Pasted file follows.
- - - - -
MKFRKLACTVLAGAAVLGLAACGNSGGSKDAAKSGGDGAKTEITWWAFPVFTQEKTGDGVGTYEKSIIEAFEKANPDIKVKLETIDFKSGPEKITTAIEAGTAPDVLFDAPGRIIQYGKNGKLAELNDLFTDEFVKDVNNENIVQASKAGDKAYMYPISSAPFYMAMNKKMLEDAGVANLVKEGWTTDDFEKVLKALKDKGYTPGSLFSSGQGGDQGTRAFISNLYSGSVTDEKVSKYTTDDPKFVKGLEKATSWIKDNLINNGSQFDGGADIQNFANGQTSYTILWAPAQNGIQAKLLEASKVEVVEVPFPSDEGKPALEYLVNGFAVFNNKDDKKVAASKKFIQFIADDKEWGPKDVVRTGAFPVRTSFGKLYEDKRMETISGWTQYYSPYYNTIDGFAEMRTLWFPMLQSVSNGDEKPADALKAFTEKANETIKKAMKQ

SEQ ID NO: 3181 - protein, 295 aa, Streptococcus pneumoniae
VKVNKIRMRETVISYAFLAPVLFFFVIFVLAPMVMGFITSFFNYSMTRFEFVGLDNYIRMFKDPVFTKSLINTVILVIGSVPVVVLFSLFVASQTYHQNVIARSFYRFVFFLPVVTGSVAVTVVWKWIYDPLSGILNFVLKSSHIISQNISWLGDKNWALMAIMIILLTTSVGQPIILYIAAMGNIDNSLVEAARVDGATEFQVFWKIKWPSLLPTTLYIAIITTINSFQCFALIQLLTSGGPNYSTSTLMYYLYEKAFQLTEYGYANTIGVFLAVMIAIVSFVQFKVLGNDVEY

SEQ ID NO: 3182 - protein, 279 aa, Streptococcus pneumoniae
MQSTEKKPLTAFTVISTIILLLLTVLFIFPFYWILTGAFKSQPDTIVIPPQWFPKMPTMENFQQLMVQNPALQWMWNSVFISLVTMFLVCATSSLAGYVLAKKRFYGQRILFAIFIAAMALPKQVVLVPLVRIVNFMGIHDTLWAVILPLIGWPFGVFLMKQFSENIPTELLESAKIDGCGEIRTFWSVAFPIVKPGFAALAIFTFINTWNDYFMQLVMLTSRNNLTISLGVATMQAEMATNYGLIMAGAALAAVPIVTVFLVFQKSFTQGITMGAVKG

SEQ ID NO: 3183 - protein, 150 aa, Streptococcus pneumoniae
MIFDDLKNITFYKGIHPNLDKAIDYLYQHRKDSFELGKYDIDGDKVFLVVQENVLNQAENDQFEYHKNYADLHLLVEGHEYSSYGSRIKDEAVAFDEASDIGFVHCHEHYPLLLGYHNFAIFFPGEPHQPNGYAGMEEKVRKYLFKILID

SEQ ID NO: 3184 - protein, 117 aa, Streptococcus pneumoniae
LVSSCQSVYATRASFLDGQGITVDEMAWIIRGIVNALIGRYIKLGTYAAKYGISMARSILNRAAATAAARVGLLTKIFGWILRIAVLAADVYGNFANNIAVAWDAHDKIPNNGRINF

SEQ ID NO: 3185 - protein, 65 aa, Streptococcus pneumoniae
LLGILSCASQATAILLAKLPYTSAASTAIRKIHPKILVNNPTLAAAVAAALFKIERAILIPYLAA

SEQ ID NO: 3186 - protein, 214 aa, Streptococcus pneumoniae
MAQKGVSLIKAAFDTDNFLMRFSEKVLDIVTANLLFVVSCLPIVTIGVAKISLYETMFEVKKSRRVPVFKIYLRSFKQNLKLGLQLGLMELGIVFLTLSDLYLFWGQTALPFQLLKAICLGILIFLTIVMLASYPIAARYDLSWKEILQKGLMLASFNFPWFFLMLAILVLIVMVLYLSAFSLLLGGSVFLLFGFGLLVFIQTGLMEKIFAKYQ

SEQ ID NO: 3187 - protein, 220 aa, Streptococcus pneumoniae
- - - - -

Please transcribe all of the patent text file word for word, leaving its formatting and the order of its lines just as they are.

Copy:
MKFRKLACTVLAGAAVLGLAACGNSGGSKDAAKSGGDGAKTEITWWAFPVFTQEKTGDGVGTYEKSIIEAFEKANPDIKVKLETIDFKSGPEKITTAIEAGTAPDVLFDAPGRIIQYGKNGKLAELNDLFTDEFVKDVNNENIVQASKAGDKAYMYPISSAPFYMAMNKKMLEDAGVANLVKEGWTTDDFEKVLKALKDKGYTPGSLFSSGQGGDQGTRAFISNLYSGSVTDEKVSKYTTDDPKFVKGLEKATSWIKDNLINNGSQFDGGADIQNFANGQTSYTILWAPAQNGIQAKLLEASKVEVVEVPFPSDEGKPALEYLVNGFAVFNNKDDKKVAASKKFIQFIADDKEWGPKDVVRTGAFPVRTSFGKLYEDKRMETISGWTQYYSPYYNTIDGFAEMRTLWFPMLQSVSNGDEKPADALKAFTEKANETIKKAMKQ

SEQ ID NO: 3181 - protein, 295 aa, Streptococcus pneumoniae
VKVNKIRMRETVISYAFLAPVLFFFVIFVLAPMVMGFITSFFNYSMTRFEFVGLDNYIRMFKDPVFTKSLINTVILVIGSVPVVVLFSLFVASQTYHQNVIARSFYRFVFFLPVVTGSVAVTVVWKWIYDPLSGILNFVLKSSHIISQNISWLGDKNWALMAIMIILLTTSVGQPIILYIAAMGNIDNSLVEAARVDGATEFQVFWKIKWPSLLPTTLYIAIITTINSFQCFALIQLLTSGGPNYSTSTLMYYLYEKAFQLTEYGYANTIGVFLAVMIAIVSFVQFKVLGNDVEY

SEQ ID NO: 3182 - protein, 279 aa, Streptococcus pneumoniae
MQSTEKKPLTAFTVISTIILLLLTVLFIFPFYWILTGAFKSQPDTIVIPPQWFPKMPTMENFQQLMVQNPALQWMWNSVFISLVTMFLVCATSSLAGYVLAKKRFYGQRILFAIFIAAMALPKQVVLVPLVRIVNFMGIHDTLWAVILPLIGWPFGVFLMKQFSENIPTELLESAKIDGCGEIRTFWSVAFPIVKPGFAALAIFTFINTWNDYFMQLVMLTSRNNLTISLGVATMQAEMATNYGLIMAGAALAAVPIVTVFLVFQKSFTQGITMGAVKG

SEQ ID NO: 3183 - protein, 150 aa, Streptococcus pneumoniae
MIFDDLKNITFYKGIHPNLDKAIDYLYQHRKDSFELGKYDIDGDKVFLVVQENVLNQAENDQFEYHKNYADLHLLVEGHEYSSYGSRIKDEAVAFDEASDIGFVHCHEHYPLLLGYHNFAIFFPGEPHQPNGYAGMEEKVRKYLFKILID

SEQ ID NO: 3184 - protein, 117 aa, Streptococcus pneumoniae
LVSSCQSVYATRASFLDGQGITVDEMAWIIRGIVNALIGRYIKLGTYAAKYGISMARSILNRAAATAAARVGLLTKIFGWILRIAVLAADVYGNFANNIAVAWDAHDKIPNNGRINF

SEQ ID NO: 3185 - protein, 65 aa, Streptococcus pneumoniae
LLGILSCASQATAILLAKLPYTSAASTAIRKIHPKILVNNPTLAAAVAAALFKIERAILIPYLAA

SEQ ID NO: 3186 - protein, 214 aa, Streptococcus pneumoniae
MAQKGVSLIKAAFDTDNFLMRFSEKVLDIVTANLLFVVSCLPIVTIGVAKISLYETMFEVKKSRRVPVFKIYLRSFKQNLKLGLQLGLMELGIVFLTLSDLYLFWGQTALPFQLLKAICLGILIFLTIVMLASYPIAARYDLSWKEILQKGLMLASFNFPWFFLMLAILVLIVMVLYLSAFSLLLGGSVFLLFGFGLLVFIQTGLMEKIFAKYQ

SEQ ID NO: 3187 - protein, 220 aa, Streptococcus pneumoniae